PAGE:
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Inflammatory Markers Aren’t a Crystal Ball for Pediatric Hand and Wrist Infections



Key takeaways

  • Certain blood tests for inflammatory markers may predict the severity of infections, however this study found they don’t aid the diagnosis and treatment of pediatric hand and wrist infections.

  • Study authors found the inflammatory markers analyzed couldn’t determine the severity of the infection alone.

  • In addition, the inflammatory markers couldn’t determine if the infection was caused by a specific type of bacteria like methicillin-resistant Staphylococcus aureus.

  • Currently, a thorough clinical evaluation is the definitive approach for the diagnosis and management of pediatric hand and wrist infections.

  • Inflammatory markers can be used to aid in evaluating the clinical response to treatment.

Research study background

Children with hand infections may present for evaluation in various healthcare settings. Without a standardized algorithm to assess severity and help determine the optimal approach for treatment, it can be difficult to distinguish between patients who can receive oral antibiotics and those who require admission for intravenous antibiotics and/or a surgical procedure. In adult hand infections, inflammatory blood markers, including white blood cell count (WBC), erythrocyte sedimentation rate (ESR) and C-reactive protein (CRP) are routinely used to guide clinical decisions. In children, infectious markers have been shown to aid in the diagnosis and management of acute osteomyelitis and septic arthritis, but their relative utility for acute pediatric hand and wrist infections is unknown.

In this study, a team of researchers from the Pediatric Hand and Upper Extremity Program within the Orthopedic Institute at Children’s Hospital Colorado, collaborated with Children’s Mercy Hospital researchers. They sought to explore the predictive capacity of these inflammatory markers to distinguish deep from superficial hand infections. They also aimed to assess variations in inflammatory markers based on antibiotic pretreatment and the presence of methicillin-resistant Staphylococcus aureus bacteria (MRSA) versus other bacteria.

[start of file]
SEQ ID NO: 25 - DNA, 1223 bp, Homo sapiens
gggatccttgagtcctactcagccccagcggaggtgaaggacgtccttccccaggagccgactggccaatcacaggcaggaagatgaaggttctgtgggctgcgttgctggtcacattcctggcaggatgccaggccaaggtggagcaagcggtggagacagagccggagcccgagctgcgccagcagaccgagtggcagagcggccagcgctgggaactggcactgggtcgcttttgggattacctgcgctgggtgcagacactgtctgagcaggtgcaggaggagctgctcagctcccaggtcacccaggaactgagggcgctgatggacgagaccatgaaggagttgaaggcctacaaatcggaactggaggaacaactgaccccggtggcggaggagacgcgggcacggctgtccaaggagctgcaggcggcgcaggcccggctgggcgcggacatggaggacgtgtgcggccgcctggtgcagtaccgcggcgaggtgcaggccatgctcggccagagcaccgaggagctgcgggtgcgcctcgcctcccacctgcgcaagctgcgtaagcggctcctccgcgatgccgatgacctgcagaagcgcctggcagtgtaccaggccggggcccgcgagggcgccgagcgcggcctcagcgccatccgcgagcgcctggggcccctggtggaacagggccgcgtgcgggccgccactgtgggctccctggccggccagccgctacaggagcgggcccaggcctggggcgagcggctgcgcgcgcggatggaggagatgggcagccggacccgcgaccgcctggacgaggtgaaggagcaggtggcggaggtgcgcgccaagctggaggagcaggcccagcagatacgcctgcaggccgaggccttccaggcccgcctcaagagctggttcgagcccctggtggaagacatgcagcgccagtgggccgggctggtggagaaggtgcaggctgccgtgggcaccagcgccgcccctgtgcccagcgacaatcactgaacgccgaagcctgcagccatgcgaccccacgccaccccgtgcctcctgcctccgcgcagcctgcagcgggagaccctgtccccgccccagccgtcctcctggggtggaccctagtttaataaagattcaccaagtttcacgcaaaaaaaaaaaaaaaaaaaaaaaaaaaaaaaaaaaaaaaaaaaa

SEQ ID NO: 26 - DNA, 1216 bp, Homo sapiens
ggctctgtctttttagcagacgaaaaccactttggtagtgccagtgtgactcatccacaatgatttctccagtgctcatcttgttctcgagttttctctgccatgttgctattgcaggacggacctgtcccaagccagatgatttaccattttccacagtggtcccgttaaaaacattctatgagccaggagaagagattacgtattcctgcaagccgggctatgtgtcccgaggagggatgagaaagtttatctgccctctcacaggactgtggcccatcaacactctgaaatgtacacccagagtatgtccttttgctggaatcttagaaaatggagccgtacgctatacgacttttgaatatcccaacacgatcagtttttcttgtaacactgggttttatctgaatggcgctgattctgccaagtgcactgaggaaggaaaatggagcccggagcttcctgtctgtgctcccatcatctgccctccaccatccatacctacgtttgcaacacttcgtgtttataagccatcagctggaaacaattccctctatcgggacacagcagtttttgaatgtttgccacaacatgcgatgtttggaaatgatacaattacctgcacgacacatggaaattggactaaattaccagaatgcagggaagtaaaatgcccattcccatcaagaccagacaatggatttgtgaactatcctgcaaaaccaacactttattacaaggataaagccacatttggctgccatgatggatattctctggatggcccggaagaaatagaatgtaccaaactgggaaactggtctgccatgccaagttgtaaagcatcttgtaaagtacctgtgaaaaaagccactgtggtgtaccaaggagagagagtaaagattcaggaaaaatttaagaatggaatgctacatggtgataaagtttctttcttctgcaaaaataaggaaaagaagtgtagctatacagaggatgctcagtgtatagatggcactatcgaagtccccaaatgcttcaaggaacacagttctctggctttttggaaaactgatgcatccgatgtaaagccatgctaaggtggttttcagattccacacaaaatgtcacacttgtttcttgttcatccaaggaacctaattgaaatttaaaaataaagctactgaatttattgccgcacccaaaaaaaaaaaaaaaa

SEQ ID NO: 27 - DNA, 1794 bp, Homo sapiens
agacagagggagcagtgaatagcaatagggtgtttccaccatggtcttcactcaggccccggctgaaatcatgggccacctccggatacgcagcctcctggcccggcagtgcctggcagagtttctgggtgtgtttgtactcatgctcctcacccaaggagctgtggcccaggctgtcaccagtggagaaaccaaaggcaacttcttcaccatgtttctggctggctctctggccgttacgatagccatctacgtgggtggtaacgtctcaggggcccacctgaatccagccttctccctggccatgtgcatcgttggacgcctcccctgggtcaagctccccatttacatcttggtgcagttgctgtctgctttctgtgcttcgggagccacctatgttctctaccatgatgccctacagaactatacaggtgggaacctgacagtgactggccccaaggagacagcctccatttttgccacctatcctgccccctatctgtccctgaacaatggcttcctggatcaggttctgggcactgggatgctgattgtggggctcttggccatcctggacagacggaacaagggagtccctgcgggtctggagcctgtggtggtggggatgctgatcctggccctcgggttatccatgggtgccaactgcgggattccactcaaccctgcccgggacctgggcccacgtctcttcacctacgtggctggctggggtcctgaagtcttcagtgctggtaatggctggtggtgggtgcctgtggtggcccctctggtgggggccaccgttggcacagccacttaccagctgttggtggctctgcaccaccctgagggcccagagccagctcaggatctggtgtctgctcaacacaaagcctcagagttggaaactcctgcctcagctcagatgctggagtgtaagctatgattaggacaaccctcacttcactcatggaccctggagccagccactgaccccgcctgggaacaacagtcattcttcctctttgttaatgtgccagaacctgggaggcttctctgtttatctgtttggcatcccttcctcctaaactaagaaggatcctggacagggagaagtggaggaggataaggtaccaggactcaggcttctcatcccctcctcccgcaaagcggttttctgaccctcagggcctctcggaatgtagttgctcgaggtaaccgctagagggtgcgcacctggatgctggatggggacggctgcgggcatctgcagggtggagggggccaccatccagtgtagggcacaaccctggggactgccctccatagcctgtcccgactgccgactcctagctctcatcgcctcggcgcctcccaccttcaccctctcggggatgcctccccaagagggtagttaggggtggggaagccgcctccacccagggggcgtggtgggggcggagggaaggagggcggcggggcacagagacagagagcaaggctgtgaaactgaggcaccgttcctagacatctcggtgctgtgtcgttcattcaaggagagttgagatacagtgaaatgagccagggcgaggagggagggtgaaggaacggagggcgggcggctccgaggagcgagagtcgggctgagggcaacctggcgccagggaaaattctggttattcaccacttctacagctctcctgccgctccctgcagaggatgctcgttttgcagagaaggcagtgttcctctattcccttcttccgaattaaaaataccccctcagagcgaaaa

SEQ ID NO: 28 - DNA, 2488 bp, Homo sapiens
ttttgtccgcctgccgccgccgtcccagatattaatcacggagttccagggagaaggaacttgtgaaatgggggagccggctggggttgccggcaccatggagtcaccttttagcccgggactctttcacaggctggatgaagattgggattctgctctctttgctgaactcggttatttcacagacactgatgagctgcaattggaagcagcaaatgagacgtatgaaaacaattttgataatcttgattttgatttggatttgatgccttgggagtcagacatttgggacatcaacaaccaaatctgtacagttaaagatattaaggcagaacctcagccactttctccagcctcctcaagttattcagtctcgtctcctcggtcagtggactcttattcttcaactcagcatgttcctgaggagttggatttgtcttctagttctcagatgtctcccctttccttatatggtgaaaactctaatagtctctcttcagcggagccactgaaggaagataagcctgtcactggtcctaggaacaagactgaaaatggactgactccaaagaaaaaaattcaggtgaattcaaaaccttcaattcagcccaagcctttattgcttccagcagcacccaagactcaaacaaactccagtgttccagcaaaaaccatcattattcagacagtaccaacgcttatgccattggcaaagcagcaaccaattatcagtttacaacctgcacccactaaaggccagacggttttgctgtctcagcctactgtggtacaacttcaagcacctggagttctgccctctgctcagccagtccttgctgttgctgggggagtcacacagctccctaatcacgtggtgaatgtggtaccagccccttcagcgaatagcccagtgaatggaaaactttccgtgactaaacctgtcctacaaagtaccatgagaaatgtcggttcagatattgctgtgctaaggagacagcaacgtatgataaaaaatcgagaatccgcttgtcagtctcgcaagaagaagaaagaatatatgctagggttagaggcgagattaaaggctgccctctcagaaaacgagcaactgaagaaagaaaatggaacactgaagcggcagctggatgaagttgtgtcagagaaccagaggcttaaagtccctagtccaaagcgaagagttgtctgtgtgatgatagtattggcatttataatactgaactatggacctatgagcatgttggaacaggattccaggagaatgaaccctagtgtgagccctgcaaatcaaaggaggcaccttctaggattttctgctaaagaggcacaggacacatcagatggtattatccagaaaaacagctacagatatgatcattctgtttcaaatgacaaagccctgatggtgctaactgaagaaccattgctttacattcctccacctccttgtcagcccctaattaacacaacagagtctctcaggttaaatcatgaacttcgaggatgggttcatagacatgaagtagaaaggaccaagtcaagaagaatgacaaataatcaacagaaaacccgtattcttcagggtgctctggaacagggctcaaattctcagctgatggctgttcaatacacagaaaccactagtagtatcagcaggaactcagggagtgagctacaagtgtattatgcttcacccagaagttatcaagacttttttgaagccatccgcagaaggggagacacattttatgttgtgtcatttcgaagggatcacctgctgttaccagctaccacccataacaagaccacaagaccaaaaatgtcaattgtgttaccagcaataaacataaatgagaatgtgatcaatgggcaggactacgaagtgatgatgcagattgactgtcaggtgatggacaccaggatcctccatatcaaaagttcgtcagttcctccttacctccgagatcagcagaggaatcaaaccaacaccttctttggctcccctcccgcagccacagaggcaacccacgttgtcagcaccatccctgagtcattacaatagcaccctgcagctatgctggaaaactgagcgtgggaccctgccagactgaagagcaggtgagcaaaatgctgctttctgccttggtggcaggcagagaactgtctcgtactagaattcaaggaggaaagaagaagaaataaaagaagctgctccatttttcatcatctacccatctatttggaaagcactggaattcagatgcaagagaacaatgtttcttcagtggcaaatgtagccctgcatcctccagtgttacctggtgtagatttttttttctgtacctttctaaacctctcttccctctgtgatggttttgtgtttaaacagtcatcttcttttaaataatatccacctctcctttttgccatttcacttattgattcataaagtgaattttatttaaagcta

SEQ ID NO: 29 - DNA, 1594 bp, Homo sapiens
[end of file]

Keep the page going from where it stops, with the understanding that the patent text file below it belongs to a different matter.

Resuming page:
Study authors reviewed charts at both hospitals for children under 18 with deep or superficial hand, wrist or finger infections between 2009 and 2020 who also had WBC, ESR and/or CRP laboratory markers drawn on the date of presentation. Presentation characteristics, diagnosis, inflammatory markers, culture results, antibiotic treatment and surgical treatment data were analyzed for the 123 patients who met the study criteria.

Across the board, they found no significant difference in inflammatory markers for the factors evaluated, regardless of antibiotic pre-treatment before management, severity of infection or whether the patients were infected with culture-positive, isolated MRSA. Patients with deep infections required surgical treatment at a significantly higher rate than those with superficial infections (78.9% vs. 21.12%). And patients with MRSA-positive infections were twice as likely to need surgical treatment compared to those with infections caused by all other evaluated microbes.

While these inflammatory marker tests may help identify the presence of infection and monitor the response to treatment, based on this retrospective analysis, study authors concluded they couldn’t identify a specific diagnosis or severity of an infection correlated to WBC, ESR, and CRP.

Clinical implications

Definitive diagnosis and management of pediatric hand and wrist infections require a thorough clinical evaluation including symptomatology, physical examination and radiographic findings, patient history and clinical judgment. Although there is literature emphasizing the relative utility of different acute phase reactants for specific types of pediatric musculoskeletal infections, further research is required to determine if inflammatory markers can play any real role in the diagnosis and treatment of pediatric hand and wrist infections.